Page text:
1724 1727 Henry Downes Translated from Elphin. Nominated on 17 March and appointed by letters patent on 9 April 1724. Translated to Derry on 8 February 1727.
1727 1732 Ralph Lambert Translated from Dromore. Nominated on 12 January and appointed by letters patent on 10 February 1727. Died in office on 6 February 1732.
1732 1734 Welbore Ellis Translated from Kildare. Nominated on 18 February and appointed by letters patent on 13 March 1732. Died in office on 1 January 1734.
1734 1744 Arthur Price Translated from Ferns and Leighlin. Nominated on 19 January and appointed by letters patent on 2 February 1734. Translated to Cashel on 7 March 1744.
1744 1758 Henry Maule Translated from Dromore. Nominated on 10 May and appointed by letters patent on 24 May 1744. Died in office on 13 April 1758.
1758 1765 The Hon. William Carmichael Translated from Ferns and Leighlin. Nominated on 30 May and appointed by letters patent on 8 June 1758. Translated to Dublin on 12 June 1765.
1765 Richard Pococke Translated from Ossory. Nominated on 22 June and appointed by letters patent on 16 July 1765. Died in office on 15 September 1765.
1765 1766 Arthur Smyth Translated from Down and Connor. Nominated on 27 September and appointed by letters patent on 28 October 1765. Translated to Dublin on 14 April 1766.
1766 1798 The Hon. Henry Maxwell Translated from Dromore. Nominated on 28 February 1766 and appointed by letters patent on 15 April 1766. Died in office on 7 October 1798.
1798 1823 Thomas Lewis O'Beirne Translated from Ossory. Nominated on 1 December and appointed by letters patent on 18 December 1798. Died in office on 17 February 1823.
1823 1840 Nathaniel Alexander Translated from Down and Connor. Nominated on 12 March and appointed by letters patent on 21 March 1823. Died in office on 21 October 1840.
1840 1842 Charles Dickenson Nominated on 21 December and consecrated on 27 December 1840. Died in office on 12 July 1842.
1842 1850 Edward Adderly Stopford Nominated on 20 October and consecrated on 6 November 1842. Died in office on 17 September 1850.
1850 1852 Thomas Stewart Townsend Nominated on 9 October and consecrated on 1 November 1850. Died in office on 1 September 1852.
1852 1866 Joseph Henderson Singer Nominated on 2 November and consecrated on 28 November 1852. Died in office on 16 July 1866.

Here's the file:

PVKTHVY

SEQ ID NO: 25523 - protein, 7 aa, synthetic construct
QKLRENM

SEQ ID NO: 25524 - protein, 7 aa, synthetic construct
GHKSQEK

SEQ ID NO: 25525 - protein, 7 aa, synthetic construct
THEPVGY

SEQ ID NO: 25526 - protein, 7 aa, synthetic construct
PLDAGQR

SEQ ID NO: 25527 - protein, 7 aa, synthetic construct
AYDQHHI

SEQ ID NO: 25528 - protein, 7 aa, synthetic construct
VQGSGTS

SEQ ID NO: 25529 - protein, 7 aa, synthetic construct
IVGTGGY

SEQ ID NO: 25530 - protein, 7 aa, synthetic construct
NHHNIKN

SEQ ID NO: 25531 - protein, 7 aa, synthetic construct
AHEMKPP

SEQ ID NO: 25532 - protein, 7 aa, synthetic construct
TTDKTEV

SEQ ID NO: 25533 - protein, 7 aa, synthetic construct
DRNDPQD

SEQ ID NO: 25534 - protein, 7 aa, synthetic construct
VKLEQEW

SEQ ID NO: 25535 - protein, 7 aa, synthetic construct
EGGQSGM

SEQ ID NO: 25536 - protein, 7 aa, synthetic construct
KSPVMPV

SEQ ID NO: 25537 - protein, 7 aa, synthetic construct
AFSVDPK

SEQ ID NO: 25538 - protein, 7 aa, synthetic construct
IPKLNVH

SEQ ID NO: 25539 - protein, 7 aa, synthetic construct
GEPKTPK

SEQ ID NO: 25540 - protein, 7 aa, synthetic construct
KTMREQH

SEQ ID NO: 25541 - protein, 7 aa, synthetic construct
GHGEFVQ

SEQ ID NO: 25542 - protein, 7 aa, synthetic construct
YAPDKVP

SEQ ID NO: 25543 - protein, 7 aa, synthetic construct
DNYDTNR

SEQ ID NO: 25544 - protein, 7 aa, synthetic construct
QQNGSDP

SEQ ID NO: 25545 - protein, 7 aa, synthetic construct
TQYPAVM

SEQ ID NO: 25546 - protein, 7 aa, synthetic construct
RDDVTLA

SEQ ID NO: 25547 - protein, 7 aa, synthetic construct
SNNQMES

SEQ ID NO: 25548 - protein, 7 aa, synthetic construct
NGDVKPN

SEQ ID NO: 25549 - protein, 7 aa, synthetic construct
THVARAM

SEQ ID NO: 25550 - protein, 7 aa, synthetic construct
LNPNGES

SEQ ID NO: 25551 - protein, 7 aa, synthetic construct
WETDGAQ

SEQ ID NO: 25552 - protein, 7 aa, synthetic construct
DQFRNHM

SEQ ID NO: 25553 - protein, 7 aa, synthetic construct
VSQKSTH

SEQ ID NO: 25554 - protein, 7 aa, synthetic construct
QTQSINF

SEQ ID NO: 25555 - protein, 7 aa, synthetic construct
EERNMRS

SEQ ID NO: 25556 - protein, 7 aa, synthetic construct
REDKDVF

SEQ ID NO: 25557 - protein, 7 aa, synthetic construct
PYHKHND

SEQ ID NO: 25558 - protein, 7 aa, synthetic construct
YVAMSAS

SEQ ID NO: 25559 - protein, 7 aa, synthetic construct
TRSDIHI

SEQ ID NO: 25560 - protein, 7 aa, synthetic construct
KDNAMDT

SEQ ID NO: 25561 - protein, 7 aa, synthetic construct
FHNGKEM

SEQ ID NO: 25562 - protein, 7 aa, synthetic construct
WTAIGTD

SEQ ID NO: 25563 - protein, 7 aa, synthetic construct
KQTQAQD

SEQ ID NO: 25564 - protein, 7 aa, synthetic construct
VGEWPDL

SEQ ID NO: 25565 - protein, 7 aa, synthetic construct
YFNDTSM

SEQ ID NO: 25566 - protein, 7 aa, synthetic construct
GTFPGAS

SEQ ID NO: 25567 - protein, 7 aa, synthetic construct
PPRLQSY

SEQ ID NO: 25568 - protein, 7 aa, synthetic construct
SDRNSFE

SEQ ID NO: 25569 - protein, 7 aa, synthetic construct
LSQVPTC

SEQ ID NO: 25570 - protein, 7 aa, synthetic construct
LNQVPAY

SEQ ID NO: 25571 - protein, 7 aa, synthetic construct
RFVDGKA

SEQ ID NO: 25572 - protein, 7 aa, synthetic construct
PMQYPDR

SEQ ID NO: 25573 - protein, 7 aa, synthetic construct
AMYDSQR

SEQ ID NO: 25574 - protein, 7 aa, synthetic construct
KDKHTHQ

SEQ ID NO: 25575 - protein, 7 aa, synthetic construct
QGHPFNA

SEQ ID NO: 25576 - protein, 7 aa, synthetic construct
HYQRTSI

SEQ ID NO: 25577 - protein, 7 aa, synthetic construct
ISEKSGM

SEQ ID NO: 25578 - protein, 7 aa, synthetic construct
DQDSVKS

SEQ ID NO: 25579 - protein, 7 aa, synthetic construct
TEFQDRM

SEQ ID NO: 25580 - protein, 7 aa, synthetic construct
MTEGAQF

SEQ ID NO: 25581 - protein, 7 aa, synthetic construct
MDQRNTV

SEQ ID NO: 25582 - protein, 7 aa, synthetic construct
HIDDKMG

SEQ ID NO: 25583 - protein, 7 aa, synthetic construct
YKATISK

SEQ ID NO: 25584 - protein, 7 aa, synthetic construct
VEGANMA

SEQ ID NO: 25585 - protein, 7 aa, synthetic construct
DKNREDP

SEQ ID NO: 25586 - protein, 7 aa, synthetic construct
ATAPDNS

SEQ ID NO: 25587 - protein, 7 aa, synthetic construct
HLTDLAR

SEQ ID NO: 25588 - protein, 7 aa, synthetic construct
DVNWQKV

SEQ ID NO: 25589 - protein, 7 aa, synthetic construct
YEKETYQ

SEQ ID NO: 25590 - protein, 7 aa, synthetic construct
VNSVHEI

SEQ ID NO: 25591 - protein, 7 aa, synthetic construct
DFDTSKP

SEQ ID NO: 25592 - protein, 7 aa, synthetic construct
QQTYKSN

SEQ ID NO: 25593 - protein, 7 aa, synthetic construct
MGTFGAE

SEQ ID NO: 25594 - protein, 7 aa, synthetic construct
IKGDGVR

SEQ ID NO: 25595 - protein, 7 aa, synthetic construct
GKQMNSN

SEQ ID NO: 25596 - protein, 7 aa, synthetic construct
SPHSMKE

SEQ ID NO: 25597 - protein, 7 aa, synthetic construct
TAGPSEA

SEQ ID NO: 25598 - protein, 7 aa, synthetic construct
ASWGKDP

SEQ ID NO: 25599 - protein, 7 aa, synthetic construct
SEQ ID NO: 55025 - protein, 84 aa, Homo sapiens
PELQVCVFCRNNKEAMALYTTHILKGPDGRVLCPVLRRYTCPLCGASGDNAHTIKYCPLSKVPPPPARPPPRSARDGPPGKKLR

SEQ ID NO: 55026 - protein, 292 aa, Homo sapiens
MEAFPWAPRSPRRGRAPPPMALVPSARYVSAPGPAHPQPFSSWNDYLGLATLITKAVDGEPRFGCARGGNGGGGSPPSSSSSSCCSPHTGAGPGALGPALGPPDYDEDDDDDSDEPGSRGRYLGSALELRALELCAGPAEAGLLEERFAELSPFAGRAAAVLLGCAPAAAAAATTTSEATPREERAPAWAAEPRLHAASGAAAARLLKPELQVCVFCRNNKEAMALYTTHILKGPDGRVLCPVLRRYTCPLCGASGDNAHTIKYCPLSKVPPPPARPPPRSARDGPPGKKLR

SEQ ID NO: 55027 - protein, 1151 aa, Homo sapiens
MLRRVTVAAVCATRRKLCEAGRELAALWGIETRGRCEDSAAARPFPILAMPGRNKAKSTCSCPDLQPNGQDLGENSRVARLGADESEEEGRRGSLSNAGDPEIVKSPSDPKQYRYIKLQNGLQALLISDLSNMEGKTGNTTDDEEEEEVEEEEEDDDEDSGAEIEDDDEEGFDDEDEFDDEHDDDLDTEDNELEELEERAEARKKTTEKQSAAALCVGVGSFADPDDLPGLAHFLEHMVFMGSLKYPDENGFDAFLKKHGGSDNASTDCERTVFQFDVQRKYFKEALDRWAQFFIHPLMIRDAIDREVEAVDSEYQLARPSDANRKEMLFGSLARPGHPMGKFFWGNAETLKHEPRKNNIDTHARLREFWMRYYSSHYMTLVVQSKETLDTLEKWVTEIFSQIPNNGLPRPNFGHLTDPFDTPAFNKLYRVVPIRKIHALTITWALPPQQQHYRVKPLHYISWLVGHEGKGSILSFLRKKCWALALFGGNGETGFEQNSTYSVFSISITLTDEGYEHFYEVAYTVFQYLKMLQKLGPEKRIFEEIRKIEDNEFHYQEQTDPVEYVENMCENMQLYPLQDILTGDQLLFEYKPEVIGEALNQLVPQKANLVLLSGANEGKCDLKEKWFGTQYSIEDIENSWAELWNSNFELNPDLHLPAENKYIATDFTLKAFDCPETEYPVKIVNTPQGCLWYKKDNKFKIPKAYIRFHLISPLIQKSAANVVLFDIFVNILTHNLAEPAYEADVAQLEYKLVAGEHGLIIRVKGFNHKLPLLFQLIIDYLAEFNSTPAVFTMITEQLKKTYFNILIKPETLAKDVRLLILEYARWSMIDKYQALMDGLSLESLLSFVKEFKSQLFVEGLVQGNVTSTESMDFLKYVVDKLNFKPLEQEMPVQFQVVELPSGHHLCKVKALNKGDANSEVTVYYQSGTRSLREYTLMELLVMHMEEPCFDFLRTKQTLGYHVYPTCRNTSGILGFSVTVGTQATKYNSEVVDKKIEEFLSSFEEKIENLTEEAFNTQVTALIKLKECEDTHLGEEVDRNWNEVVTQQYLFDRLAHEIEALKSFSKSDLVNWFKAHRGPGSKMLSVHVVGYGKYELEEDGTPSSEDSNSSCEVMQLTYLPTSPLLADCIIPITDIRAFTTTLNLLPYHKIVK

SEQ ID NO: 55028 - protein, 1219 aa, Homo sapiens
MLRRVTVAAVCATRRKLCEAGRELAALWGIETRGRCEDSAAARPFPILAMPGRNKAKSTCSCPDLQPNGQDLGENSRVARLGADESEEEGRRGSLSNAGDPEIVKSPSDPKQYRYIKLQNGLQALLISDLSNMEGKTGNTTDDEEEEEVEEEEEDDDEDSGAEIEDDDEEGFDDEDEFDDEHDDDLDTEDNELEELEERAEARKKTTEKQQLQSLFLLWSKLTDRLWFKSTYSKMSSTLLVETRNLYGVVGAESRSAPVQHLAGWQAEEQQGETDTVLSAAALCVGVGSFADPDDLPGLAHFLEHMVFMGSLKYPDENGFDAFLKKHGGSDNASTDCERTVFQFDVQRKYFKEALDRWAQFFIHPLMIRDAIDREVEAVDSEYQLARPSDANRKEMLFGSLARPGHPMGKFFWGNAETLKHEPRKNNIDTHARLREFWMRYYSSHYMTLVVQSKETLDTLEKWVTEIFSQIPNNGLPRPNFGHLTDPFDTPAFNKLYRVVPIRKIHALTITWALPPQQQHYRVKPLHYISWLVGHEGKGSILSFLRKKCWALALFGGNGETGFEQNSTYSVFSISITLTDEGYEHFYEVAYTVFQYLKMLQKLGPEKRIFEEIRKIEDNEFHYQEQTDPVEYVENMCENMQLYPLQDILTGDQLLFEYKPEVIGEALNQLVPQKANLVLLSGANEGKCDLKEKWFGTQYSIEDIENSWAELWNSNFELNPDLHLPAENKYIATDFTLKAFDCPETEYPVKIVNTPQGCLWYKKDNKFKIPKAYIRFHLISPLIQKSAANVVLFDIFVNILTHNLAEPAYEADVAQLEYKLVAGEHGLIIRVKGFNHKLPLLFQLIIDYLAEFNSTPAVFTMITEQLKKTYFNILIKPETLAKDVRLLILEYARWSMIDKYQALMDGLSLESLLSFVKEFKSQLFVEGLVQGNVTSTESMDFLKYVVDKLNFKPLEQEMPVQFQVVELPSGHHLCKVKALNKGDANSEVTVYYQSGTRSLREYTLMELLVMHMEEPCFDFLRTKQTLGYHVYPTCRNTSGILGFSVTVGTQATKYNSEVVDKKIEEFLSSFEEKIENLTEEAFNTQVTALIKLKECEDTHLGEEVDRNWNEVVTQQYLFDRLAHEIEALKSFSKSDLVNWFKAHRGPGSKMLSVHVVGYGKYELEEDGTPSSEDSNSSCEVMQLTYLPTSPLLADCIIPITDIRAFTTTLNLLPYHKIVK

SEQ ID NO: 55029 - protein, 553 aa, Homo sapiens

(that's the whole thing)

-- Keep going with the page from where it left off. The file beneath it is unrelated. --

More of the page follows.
1866 1876 Samuel Butcher Appointed by letters patent on 21 August and consecrated on 14 October 1866. Died in office on 29 July 1876.
1876 1884 The Rt. Hon. William Connyngham Plunket Elected on 18 October and consecrated on 10 December 1876. Translated to Dublin on 23 December 1884.
1885 1894 Charles Parsons Reichel Elected on 19 August and consecrated on 29 September 1885. Died in office on 29 March 1894.
1894 1897 Joseph Ferguson Peacocke Elected on 15 May and consecrated on 11 June 1894. Translated to Dublin on 19 May 1897.
1897 1919 James Bennett Keene Elected on 10 September and consecrated on 17 October 1897. Died in office on 5 August 1919.
1919 1925 The Hon. Benjamin John Plunket Translated from Tuam, Killala and Achonry. Elected on 3 October and confirmed on 15 October 1919. Resigned on 31 March 1925 and died on 26 January 1947.
1926 1927 Thomas Gibson George Collins Elected on 4 February and consecrated on 17 March 1926. Died in office on 3 July 1927.
1927 1938 John Orr Translated from Tuam, Killala and Achonry. Elected on 22 September and confirmed on 15 November 1927. Died in office on 21 July 1938.
1938 1945 William Hardy Holmes Translated from Tuam, Killala and Achonry. Elected on 14 October and confirmed on 19 October 1938. Resigned on 31 May 1945 and died on 26 May 1951.
1945 1959 James McCann Elected on 4 July and consecrated on 24 August 1945. Translated to Armagh on 19 February 1959.
1959 1973 Robert Bonsall Pike Elected on 14 April and consecrated on 19 May 1959. Died in office on 27 December 1973.
1973 1976 See vacant
Since 1976, the Church of Ireland see has been part of the united Diocese of Meath and Kildare
Source(s):[11][12][13][14]

Roman Catholic succession[edit]

Roman Catholic Bishops of Meath
From Until Ordinary Notes
1577 1621 See vacant During this period, Cornelius Stanley was appointed vicar general of the sees of Meath and Dublin on 15 May 1591.
1621 1652 Thomas Dease Appointed on 5 May 1621 and consecrated on 22 May 1622. Died in office in 1652.
1652 1657 See vacant
1657 1661 Anthony MacGeoghegan, O.F.M. Translated from Clonmacnoise on 16 April 1657. Resigned in 1661 and died in 1664.
1665 unknown (Edmund Mac Teige) Appointed vicar apostolic by papal brief on 24 November 1665.
1669 1679 Patrick Plunkett, O.Cist. Translated from Ardagh on 11 January 1669. Died in office on 18 November 1679.